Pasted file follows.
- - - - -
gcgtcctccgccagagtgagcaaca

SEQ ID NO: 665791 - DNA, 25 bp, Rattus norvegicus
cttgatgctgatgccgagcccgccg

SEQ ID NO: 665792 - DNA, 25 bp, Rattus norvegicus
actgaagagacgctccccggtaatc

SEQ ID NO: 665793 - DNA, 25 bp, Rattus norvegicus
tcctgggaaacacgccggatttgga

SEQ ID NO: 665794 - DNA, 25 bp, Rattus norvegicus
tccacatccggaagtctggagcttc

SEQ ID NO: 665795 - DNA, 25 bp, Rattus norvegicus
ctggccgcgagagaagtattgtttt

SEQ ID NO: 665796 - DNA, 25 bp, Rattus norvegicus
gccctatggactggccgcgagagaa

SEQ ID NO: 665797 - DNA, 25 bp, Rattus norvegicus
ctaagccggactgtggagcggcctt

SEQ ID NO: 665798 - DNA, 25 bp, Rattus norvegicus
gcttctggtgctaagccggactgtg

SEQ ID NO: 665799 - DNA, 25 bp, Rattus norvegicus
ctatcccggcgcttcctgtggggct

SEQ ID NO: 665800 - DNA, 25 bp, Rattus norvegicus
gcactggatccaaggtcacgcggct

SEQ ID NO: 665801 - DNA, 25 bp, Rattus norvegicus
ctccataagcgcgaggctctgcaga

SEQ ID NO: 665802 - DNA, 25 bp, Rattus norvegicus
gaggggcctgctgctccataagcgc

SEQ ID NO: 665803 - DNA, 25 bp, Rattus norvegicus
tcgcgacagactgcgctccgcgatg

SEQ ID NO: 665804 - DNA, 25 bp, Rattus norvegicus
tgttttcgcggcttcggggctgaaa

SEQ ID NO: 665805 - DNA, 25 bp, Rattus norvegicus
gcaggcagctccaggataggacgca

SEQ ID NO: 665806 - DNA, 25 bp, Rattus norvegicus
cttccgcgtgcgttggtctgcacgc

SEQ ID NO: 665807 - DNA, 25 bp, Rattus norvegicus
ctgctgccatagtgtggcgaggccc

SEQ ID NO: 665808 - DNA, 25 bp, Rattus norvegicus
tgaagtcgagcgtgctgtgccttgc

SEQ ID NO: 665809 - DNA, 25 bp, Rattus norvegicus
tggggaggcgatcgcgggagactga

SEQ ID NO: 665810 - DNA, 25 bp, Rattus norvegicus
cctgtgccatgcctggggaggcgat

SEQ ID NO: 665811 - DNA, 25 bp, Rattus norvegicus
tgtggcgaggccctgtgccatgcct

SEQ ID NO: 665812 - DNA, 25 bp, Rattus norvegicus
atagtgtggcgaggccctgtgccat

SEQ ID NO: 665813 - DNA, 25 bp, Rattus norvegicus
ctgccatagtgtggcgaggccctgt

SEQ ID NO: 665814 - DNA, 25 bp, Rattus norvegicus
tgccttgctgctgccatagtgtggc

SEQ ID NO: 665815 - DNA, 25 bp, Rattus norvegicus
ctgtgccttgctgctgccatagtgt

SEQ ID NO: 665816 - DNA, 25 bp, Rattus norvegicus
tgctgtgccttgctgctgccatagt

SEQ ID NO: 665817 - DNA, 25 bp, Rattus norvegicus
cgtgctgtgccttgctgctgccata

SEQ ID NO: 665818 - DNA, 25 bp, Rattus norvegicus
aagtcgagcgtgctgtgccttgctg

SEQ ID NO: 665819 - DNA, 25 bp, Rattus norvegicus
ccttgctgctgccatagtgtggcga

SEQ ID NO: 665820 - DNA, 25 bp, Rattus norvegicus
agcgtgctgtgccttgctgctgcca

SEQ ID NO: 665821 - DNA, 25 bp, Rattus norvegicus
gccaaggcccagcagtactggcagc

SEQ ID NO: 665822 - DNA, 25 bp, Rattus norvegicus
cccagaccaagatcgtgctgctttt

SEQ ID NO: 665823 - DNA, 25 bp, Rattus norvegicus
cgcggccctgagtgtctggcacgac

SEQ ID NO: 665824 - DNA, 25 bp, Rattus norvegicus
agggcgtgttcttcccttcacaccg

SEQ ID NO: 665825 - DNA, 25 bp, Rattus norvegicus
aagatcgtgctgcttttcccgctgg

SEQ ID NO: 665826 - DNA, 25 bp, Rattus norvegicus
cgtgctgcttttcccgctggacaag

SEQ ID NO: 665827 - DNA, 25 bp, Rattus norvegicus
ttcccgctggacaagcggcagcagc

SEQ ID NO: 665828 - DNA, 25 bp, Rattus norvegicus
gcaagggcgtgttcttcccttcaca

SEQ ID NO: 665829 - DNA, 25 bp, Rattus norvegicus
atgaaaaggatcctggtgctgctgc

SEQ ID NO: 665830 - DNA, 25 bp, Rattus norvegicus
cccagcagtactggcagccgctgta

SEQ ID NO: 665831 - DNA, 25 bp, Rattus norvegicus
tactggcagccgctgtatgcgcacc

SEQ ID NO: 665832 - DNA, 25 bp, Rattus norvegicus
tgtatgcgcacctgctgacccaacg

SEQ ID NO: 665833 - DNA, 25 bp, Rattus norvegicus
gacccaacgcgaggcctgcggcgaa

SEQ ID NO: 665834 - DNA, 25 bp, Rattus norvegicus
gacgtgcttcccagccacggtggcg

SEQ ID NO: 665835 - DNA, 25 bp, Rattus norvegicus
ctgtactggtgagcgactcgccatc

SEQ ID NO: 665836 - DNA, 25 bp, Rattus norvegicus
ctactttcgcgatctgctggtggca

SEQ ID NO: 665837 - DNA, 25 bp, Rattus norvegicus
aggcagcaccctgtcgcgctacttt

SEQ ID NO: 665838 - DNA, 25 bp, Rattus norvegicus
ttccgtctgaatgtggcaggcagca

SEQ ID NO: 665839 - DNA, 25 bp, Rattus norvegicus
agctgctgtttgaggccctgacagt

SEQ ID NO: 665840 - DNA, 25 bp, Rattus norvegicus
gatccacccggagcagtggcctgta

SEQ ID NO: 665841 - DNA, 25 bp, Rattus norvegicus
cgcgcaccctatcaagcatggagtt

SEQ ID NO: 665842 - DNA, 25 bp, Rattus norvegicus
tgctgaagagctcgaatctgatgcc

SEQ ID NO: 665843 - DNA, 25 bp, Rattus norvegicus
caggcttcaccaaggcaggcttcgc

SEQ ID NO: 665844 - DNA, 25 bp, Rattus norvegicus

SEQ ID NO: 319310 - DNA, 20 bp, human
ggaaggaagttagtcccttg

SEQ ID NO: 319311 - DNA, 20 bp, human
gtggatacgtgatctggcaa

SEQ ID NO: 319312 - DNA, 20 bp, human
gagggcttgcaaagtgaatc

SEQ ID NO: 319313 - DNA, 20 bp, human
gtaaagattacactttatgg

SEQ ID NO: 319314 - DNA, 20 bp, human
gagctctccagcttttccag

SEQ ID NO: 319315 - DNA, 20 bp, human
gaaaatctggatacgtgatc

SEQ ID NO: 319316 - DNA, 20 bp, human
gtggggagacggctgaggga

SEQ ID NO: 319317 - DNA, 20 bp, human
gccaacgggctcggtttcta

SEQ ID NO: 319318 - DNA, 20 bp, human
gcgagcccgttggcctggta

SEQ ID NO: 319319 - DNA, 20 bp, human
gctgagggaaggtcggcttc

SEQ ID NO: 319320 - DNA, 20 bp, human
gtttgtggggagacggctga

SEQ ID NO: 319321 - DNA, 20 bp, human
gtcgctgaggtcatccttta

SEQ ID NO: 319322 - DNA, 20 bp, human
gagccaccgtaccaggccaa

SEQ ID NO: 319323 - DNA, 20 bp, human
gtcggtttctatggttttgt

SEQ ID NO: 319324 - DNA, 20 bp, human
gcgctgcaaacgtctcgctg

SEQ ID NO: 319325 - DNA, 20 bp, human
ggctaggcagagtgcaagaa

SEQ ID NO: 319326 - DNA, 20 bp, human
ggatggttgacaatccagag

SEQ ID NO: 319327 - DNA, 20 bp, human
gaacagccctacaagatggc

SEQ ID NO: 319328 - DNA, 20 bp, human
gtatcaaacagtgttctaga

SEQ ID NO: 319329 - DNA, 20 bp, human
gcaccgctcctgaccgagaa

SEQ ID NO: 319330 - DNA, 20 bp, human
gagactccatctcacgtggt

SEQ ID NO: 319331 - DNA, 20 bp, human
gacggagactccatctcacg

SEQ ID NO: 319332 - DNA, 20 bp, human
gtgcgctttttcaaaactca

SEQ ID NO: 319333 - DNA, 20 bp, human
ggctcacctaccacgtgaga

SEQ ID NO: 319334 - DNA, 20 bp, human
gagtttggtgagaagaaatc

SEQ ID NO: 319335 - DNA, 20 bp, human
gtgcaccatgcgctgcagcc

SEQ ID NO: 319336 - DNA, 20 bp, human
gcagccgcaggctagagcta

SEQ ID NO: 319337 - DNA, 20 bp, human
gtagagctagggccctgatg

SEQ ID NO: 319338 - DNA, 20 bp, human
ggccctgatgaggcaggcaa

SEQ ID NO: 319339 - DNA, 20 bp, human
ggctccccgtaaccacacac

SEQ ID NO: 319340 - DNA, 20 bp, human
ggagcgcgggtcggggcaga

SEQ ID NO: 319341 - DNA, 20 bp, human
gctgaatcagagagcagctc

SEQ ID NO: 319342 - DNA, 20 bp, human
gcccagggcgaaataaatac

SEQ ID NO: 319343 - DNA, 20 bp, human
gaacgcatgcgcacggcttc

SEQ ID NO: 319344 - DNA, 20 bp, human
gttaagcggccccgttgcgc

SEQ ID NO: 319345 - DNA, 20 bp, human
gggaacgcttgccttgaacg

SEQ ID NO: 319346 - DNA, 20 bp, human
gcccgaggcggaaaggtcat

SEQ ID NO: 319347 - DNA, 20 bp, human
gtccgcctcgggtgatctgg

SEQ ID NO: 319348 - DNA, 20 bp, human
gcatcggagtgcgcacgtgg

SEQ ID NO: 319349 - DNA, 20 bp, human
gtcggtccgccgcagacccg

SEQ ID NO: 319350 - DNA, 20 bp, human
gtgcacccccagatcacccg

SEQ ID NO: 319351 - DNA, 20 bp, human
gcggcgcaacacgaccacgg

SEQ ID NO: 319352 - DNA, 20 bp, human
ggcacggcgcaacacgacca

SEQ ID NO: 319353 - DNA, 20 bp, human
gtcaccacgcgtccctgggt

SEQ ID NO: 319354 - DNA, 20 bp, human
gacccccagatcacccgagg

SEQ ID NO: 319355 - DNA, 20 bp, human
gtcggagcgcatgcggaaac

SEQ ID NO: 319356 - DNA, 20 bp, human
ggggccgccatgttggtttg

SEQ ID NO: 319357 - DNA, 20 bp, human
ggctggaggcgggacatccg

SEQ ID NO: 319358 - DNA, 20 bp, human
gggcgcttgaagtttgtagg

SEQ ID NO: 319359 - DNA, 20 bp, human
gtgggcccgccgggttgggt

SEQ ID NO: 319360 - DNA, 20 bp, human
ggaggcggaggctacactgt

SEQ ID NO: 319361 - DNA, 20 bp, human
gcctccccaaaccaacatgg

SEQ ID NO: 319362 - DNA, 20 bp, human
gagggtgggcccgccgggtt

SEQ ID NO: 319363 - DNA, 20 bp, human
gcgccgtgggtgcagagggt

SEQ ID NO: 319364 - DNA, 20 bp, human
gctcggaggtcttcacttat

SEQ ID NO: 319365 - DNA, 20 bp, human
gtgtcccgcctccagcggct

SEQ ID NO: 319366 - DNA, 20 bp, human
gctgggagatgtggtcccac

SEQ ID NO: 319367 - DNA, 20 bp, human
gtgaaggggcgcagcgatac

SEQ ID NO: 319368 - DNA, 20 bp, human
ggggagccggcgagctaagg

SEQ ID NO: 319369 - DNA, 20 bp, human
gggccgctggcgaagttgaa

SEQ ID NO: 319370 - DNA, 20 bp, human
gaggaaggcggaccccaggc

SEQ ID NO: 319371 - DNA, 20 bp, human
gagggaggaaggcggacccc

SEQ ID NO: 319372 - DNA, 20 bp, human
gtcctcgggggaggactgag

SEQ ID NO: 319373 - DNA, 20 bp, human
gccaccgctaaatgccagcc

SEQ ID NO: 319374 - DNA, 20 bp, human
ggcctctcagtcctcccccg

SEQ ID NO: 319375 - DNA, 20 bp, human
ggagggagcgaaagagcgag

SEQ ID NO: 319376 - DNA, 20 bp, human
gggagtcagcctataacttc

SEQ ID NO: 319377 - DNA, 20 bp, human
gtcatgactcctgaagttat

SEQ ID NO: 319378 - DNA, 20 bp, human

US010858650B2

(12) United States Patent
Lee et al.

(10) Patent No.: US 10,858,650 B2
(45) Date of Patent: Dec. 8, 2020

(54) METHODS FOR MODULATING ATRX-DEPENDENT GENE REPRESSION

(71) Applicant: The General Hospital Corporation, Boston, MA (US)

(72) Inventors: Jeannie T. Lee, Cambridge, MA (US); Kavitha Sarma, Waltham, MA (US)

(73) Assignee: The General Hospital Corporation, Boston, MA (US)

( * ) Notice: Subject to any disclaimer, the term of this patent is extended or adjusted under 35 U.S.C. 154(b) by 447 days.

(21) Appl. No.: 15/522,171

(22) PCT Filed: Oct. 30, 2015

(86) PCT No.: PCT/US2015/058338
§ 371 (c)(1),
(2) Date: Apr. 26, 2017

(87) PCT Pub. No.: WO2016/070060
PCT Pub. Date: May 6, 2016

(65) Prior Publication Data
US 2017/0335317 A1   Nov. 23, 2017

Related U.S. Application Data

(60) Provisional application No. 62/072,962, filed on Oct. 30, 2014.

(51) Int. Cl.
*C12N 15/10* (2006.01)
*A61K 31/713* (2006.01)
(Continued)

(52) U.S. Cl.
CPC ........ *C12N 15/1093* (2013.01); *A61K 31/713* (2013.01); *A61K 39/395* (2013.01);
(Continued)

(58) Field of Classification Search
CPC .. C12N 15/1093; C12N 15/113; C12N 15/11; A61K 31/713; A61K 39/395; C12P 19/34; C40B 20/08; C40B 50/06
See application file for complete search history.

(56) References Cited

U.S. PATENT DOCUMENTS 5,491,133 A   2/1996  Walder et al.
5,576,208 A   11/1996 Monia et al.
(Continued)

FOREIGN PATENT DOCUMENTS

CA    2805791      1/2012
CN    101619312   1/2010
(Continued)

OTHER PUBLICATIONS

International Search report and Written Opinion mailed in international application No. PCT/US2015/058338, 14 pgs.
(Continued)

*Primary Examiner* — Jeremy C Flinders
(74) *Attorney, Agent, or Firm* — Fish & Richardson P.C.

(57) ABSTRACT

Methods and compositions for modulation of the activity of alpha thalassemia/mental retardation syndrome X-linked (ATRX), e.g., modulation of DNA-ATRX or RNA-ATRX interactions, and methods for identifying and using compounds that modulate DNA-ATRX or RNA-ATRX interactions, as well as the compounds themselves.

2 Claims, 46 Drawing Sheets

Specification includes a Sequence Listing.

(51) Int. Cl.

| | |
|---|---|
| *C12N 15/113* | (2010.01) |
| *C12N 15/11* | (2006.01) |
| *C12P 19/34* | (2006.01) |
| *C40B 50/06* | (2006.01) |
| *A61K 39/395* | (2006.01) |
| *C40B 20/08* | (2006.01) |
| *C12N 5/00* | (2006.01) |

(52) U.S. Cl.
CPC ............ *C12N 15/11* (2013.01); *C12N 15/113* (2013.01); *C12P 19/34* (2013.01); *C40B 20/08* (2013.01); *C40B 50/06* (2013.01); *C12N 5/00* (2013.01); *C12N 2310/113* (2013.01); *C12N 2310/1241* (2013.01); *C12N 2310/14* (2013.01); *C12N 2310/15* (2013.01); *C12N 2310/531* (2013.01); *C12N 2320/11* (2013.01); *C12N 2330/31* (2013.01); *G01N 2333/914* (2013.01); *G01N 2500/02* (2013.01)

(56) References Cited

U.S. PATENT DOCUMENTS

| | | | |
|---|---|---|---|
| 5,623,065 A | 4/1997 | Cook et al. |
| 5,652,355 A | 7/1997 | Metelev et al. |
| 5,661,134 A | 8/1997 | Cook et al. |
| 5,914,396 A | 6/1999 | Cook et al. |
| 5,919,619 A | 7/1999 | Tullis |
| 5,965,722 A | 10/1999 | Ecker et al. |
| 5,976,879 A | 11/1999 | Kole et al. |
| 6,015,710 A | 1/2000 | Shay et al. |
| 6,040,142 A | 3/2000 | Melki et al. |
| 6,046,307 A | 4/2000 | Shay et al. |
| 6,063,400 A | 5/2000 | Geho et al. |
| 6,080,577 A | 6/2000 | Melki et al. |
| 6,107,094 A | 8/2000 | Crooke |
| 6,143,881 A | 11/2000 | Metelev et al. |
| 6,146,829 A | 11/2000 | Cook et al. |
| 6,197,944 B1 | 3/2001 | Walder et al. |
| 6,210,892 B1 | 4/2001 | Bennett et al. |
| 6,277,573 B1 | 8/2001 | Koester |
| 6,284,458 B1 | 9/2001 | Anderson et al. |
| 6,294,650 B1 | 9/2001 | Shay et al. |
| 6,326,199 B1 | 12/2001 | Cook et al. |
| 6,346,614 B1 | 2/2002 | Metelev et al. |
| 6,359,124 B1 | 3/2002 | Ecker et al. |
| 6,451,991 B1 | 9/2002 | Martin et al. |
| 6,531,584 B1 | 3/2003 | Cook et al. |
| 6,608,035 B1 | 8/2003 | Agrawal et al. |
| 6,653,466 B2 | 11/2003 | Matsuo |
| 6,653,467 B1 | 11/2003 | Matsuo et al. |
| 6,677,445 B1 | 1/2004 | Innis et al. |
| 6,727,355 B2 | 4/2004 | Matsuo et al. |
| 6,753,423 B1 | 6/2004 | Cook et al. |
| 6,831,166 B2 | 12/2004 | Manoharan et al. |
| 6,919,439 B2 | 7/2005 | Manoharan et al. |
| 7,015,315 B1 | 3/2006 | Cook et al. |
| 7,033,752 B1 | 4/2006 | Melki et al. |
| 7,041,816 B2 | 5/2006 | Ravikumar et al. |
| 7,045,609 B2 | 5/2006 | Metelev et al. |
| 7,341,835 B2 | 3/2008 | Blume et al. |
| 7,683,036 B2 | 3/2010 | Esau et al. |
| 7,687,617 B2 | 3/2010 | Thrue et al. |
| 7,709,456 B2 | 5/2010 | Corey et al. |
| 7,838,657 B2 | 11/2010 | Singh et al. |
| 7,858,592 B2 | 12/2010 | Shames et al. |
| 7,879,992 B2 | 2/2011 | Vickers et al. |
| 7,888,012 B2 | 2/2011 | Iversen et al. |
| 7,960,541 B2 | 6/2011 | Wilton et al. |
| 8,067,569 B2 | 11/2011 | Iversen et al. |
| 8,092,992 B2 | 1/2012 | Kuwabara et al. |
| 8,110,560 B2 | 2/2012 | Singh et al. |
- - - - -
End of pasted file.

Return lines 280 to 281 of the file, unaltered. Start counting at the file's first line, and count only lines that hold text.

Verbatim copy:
(Continued)

FOREIGN PATENT DOCUMENTS